The S&P Global Flash Eurozone Composite PMI fell to 54.5 in March, from 55.5 in February. The Manufacturing PMI fell to 57.0 from 58.2, while the Services PMI declined to 54.8 from 55.5. European activity was expanding strongly as virus restrictions eased but was slightly stifled in response to Russia’s invasion of Ukraine. The survey indicates that economic growth continues to expand, but firms reported rising uncertainty, rising costs, and renewed supply chain disruptions leading to waning output and slowing order growth. Energy prices surged during the month, but there was also upward pressure on wages as firms continued to hire despite weakening business optimism to alleviate current staffing shortfalls.

The au Jibun Bank Flash Japan Composite PMI rose to 49.3 in March, from 45.8. Services PMI rose to 48.7 from 44.2, while the Manufacturing PMI rose to 53.2 from 52.7. Service providers continue to see a slight decline in activity even as new business inflows have risen on easing restrictions. Meanwhile manufacturing activity saw a moderate improvement as output returned to expansionary territory, offset by slowing new order growth. Manufacturers continued to signal lengthening delivery times and strengthening inflationary pressures.

Quick look ahead

Canada – Small business confidence and GDP (March 31); PMI (April 1)

We will have an updated reading on small business sentiment during the week. Sentiment had jumped in February following a broad reopening as restrictions eased. This month, sentiment could have weakened on higher input prices and higher uncertainty.

GDP data for January will be available. Market consensus is for a slight 0.2% gain, as much of the economy was still in lockdown due to the Omicron variant.

Lastly, March PMI readings will be available, and could follow the trend seen in the U.S., where strong demand drove the increase, more than offsetting the declines in confidence.

U.S. – Conference Board consumer confidence (March 29); Personal income and spending (March 31); Nonfarm payrolls (April 1)

The Conference Board Consumer Confidence Index is likely to be weighed down by concerns of even higher inflation, which risks being exacerbated by the Russia-Ukraine war. Economic uncertainty will be another important factor to watch.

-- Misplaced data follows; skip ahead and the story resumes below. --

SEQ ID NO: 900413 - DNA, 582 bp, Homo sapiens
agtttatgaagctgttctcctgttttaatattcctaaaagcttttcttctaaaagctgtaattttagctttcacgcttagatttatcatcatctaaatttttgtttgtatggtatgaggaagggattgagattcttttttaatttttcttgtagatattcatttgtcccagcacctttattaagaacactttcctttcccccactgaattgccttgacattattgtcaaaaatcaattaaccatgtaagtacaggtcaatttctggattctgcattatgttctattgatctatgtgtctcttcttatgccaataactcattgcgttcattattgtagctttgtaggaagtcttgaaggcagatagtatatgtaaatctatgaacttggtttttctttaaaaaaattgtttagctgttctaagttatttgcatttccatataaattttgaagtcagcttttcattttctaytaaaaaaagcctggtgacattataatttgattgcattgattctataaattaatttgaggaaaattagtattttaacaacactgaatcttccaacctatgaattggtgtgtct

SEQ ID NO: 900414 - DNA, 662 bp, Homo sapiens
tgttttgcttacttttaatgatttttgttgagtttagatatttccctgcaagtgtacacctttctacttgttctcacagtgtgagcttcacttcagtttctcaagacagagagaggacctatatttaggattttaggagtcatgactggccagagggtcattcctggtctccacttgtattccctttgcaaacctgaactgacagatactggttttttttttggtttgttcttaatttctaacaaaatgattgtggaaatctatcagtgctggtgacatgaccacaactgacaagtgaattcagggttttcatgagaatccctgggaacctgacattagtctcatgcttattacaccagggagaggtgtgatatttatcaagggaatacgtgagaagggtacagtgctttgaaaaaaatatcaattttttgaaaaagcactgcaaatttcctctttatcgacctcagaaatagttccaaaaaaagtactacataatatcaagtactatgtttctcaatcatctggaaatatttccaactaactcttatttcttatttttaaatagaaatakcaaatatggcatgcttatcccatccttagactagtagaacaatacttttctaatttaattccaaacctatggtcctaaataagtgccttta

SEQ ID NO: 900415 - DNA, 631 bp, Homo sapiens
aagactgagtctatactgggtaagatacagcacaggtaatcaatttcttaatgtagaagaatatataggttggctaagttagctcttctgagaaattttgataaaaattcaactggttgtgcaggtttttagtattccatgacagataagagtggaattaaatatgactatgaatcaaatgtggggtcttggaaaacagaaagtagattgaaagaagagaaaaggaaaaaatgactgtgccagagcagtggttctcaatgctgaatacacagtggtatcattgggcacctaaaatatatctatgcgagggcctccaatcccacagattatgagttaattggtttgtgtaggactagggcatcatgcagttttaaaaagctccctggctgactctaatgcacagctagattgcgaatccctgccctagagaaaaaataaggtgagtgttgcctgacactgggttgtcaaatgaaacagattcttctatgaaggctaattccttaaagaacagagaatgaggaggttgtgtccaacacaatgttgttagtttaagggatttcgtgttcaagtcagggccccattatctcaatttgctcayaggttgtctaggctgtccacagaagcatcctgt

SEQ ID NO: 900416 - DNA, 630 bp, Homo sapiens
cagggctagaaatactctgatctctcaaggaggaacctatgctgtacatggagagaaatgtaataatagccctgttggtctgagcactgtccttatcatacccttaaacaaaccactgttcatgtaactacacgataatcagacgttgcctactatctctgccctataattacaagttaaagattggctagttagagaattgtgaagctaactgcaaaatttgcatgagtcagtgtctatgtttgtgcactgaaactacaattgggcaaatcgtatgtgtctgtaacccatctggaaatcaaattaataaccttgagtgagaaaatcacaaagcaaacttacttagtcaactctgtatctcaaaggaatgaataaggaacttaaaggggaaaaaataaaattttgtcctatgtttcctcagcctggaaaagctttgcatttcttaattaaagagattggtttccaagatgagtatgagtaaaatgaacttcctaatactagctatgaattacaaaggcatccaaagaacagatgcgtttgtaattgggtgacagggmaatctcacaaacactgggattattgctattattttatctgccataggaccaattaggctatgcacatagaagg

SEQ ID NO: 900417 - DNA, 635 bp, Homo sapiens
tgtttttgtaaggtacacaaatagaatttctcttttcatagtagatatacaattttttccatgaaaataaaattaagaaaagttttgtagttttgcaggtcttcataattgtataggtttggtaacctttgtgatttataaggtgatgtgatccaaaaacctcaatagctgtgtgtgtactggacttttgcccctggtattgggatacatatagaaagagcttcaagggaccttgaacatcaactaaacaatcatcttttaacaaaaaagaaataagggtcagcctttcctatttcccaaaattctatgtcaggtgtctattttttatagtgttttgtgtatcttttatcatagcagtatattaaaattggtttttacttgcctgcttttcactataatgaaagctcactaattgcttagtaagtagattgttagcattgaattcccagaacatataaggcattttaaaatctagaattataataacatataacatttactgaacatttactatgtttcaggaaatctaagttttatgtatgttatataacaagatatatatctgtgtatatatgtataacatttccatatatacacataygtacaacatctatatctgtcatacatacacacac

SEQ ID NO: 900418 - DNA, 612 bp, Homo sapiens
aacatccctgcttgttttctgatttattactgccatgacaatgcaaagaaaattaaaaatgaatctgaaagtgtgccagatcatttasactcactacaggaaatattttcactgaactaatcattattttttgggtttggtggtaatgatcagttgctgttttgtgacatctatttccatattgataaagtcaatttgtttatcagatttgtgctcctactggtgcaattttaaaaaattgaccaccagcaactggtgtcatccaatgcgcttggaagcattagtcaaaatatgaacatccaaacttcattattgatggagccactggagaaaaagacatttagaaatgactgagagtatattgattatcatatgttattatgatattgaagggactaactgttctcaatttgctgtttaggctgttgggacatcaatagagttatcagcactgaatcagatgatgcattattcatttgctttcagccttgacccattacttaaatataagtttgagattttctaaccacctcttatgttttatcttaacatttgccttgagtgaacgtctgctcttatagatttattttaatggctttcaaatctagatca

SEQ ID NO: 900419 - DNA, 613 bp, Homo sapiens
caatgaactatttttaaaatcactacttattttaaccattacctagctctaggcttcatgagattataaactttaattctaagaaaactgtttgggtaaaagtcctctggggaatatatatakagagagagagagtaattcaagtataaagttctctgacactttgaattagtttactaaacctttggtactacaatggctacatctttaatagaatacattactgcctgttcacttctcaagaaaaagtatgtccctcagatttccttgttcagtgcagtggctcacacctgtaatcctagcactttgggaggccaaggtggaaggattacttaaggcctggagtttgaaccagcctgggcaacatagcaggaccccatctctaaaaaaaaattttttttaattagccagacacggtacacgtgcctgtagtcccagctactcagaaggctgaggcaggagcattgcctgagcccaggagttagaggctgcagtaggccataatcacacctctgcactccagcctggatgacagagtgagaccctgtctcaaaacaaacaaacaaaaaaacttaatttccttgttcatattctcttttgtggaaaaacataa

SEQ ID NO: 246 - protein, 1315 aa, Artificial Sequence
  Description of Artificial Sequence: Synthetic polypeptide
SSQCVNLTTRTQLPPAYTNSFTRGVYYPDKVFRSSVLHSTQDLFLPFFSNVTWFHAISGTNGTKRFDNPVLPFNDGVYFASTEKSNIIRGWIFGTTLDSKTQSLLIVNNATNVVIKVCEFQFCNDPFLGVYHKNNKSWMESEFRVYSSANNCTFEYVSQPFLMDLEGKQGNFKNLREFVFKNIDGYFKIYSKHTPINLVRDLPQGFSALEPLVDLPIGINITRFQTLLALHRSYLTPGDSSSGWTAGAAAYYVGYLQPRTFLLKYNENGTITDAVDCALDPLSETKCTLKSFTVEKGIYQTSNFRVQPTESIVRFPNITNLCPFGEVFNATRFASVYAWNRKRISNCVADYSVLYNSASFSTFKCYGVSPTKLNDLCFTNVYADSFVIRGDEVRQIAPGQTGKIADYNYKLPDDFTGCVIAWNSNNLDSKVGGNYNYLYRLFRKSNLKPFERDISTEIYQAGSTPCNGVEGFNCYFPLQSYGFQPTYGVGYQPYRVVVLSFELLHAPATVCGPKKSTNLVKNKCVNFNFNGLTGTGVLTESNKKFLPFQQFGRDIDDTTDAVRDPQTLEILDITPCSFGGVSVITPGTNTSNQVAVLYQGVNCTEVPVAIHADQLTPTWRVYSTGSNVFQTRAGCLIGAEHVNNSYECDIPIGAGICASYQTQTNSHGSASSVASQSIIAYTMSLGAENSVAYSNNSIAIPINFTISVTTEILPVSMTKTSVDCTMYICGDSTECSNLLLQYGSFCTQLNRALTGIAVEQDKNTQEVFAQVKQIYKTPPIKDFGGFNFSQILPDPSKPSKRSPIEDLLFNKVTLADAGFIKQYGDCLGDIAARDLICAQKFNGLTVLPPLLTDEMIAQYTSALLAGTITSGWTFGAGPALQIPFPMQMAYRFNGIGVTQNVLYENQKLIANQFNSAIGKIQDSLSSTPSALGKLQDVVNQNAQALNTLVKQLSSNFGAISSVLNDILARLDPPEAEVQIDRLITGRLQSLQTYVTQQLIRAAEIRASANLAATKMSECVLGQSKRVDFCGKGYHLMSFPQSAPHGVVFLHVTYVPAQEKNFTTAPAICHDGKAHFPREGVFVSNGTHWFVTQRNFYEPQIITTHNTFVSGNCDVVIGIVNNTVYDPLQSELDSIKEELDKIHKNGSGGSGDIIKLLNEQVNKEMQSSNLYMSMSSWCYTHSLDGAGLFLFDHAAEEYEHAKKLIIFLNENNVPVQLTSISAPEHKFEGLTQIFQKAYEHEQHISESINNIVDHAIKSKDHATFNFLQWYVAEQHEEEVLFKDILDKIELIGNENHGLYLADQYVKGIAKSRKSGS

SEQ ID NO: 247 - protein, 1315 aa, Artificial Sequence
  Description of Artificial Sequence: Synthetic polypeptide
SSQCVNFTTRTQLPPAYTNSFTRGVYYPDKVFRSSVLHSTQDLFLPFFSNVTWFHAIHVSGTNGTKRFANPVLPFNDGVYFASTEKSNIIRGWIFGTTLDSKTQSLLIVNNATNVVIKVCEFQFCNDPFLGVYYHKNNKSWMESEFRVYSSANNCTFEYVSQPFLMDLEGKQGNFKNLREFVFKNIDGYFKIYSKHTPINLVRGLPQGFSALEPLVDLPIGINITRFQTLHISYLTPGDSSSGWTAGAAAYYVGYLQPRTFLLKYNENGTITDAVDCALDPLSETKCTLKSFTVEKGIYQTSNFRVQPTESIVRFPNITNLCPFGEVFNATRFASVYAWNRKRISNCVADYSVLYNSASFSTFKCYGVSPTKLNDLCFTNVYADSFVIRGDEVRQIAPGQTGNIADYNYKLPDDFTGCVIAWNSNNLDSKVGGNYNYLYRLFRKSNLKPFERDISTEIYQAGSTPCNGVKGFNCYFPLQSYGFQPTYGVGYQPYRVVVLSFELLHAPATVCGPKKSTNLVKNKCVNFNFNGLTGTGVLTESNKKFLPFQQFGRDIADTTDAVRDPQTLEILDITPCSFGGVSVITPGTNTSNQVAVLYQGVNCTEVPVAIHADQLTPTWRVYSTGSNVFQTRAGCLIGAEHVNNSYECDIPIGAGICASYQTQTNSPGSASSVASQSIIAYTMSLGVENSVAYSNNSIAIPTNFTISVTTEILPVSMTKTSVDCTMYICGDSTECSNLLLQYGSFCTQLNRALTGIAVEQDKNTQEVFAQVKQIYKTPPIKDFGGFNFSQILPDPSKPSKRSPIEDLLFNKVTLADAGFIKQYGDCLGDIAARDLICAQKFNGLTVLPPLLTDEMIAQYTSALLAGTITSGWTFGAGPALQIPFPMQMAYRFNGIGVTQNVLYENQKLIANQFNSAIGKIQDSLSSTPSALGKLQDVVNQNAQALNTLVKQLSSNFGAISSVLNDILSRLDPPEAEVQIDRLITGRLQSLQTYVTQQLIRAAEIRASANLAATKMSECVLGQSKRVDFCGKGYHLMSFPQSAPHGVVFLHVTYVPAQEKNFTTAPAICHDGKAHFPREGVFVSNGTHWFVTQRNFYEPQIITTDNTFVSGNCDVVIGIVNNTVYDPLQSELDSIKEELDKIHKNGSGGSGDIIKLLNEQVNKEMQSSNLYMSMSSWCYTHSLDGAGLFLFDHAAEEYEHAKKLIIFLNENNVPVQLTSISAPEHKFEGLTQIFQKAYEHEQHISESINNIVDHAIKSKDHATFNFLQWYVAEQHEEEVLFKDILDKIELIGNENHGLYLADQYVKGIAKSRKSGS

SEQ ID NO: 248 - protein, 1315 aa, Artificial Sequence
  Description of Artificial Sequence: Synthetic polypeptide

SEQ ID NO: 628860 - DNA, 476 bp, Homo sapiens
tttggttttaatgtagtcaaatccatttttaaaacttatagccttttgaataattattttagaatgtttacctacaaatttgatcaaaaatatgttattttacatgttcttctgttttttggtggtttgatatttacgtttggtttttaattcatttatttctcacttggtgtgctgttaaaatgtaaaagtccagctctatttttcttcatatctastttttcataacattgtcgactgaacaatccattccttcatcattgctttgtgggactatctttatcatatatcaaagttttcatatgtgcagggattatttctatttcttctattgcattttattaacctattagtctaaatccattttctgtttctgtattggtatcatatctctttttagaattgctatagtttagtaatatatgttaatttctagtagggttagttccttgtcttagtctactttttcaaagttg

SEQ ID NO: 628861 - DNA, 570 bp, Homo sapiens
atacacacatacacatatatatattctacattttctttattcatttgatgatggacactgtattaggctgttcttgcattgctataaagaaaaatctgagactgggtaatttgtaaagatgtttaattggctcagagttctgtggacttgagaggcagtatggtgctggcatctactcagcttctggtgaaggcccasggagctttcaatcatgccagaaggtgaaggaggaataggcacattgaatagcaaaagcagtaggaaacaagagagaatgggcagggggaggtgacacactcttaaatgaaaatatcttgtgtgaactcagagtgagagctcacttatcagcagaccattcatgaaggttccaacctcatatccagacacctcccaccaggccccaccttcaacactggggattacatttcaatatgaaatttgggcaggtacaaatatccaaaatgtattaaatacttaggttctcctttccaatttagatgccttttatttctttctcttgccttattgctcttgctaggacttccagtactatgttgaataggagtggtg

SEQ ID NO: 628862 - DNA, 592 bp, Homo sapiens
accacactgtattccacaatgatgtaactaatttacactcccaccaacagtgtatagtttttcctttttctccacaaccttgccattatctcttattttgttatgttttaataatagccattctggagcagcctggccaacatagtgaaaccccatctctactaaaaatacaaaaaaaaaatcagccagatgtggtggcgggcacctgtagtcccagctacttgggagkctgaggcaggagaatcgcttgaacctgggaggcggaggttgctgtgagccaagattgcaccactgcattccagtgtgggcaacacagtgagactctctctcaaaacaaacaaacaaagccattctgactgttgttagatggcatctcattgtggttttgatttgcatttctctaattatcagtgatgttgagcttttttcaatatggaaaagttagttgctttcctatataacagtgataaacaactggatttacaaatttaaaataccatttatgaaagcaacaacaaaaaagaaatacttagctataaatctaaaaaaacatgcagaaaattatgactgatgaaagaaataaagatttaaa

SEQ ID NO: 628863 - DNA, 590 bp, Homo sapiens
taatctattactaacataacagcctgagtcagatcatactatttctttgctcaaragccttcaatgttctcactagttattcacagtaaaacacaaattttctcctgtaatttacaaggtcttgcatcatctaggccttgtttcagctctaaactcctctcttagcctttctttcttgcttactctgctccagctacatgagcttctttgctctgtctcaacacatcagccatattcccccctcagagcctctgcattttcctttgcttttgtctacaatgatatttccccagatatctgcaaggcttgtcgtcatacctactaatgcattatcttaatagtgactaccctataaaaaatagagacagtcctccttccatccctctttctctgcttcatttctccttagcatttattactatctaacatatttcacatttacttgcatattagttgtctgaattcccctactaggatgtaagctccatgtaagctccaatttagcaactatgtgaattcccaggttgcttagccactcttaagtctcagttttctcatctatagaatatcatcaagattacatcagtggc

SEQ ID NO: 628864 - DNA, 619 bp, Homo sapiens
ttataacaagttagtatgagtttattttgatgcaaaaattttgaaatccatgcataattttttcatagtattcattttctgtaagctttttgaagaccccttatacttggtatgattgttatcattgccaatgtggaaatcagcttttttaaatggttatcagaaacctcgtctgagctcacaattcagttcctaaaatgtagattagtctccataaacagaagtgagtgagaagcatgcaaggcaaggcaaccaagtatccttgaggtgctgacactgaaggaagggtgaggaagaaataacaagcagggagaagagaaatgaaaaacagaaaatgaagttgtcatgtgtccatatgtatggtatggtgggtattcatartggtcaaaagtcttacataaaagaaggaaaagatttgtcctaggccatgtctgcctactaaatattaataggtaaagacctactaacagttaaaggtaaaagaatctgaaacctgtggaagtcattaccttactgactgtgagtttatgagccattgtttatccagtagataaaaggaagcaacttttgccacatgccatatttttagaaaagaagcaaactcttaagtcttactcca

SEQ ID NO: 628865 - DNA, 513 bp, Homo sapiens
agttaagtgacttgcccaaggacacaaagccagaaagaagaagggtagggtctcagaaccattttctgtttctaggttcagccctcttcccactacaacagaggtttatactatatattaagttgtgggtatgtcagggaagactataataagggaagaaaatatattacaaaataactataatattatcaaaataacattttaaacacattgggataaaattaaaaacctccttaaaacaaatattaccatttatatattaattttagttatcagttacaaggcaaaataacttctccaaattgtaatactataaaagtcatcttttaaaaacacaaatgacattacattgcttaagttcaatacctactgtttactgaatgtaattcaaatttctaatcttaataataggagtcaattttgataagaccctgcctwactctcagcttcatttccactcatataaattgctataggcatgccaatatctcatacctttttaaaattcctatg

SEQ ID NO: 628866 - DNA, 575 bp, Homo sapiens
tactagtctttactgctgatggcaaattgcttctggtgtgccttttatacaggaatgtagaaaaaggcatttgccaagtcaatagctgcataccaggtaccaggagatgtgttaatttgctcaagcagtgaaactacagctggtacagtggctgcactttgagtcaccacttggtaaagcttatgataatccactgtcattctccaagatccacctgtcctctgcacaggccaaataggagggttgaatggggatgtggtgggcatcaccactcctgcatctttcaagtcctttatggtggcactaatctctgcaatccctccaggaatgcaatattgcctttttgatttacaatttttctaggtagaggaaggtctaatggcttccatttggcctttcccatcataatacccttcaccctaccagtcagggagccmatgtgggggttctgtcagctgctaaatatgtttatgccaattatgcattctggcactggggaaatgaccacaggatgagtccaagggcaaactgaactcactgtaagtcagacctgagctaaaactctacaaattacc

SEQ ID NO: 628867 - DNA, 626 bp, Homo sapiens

Personal incomes and spending should have risen in February, with market consensus at 0.5% for both.

The monthly employment number will be the main event to watch for the week. Nonfarm payrolls are expected to have risen by 480K jobs in March, with the unemployment rate set to decline to 3.7%. The labour market is running hot, quickly recovering from the pandemic, with inflation at elevated levels. This could solidify market expectations of a double Fed rate hike, or 50 basis points, to come at the central bank’s next meeting.

 International – China’s PMI (March 31); Eurozone CPI (April 1)

The official Chinese PMI reading could have fallen into contractionary territory on the recent lockdowns in response to the renewed spread of the coronavirus.

Inflation in the eurozone is set to accelerate to a record of 6.9% year over year in March, according to market expectations. Energy prices are set to soar following the invasion of Ukraine and sanctions on Russia. Prices could have risen 1.9% in the month.

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This material is for informational purposes only. While this material has been compiled from sources believed to be reliable, Qtrade Investor does not guarantee the accuracy, completeness, timeliness or reliability of this information. Information, figures and charts are summarized for illustrative purposes only and are subject to change without notice. All investments are subject to risk, including the possible loss of principal.